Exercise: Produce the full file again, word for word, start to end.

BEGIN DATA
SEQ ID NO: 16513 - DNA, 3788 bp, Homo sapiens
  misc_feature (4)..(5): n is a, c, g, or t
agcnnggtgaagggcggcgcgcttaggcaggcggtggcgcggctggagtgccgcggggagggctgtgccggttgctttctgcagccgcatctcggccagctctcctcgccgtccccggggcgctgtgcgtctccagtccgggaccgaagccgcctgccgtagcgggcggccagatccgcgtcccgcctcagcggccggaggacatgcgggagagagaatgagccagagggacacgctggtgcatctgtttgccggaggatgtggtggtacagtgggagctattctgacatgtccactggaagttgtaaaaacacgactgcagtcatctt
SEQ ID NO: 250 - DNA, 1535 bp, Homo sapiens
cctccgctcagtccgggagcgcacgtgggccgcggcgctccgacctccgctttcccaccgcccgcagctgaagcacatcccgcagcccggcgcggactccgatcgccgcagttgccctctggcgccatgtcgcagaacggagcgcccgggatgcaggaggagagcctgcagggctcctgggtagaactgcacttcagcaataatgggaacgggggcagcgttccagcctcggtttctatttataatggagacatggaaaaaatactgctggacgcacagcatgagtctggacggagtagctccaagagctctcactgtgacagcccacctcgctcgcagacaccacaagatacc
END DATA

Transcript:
SEQ ID NO: 16513 - DNA, 3788 bp, Homo sapiens
  misc_feature (4)..(5): n is a, c, g, or t
agcnnggtgaagggcggcgcgcttaggcaggcggtggcgcggctggagtgccgcggggagggctgtgccggttgctttctgcagccgcatctcggccagctctcctcgccgtccccggggcgctgtgcgtctccagtccgggaccgaagccgcctgccgtagcgggcggccagatccgcgtcccgcctcagcggccggaggacatgcgggagagagaatgagccagagggacacgctggtgcatctgtttgccggaggatgtggtggtacagtgggagctattctgacatgtccactggaagttgtaaaaacacgactgcagtcatctt
SEQ ID NO: 250 - DNA, 1535 bp, Homo sapiens
cctccgctcagtccgggagcgcacgtgggccgcggcgctccgacctccgctttcccaccgcccgcagctgaagcacatcccgcagcccggcgcggactccgatcgccgcagttgccctctggcgccatgtcgcagaacggagcgcccgggatgcaggaggagagcctgcagggctcctgggtagaactgcacttcagcaataatgggaacgggggcagcgttccagcctcggtttctatttataatggagacatggaaaaaatactgctggacgcacagcatgagtctggacggagtagctccaagagctctcactgtgacagcccacctcgctcgcagacaccacaagatacc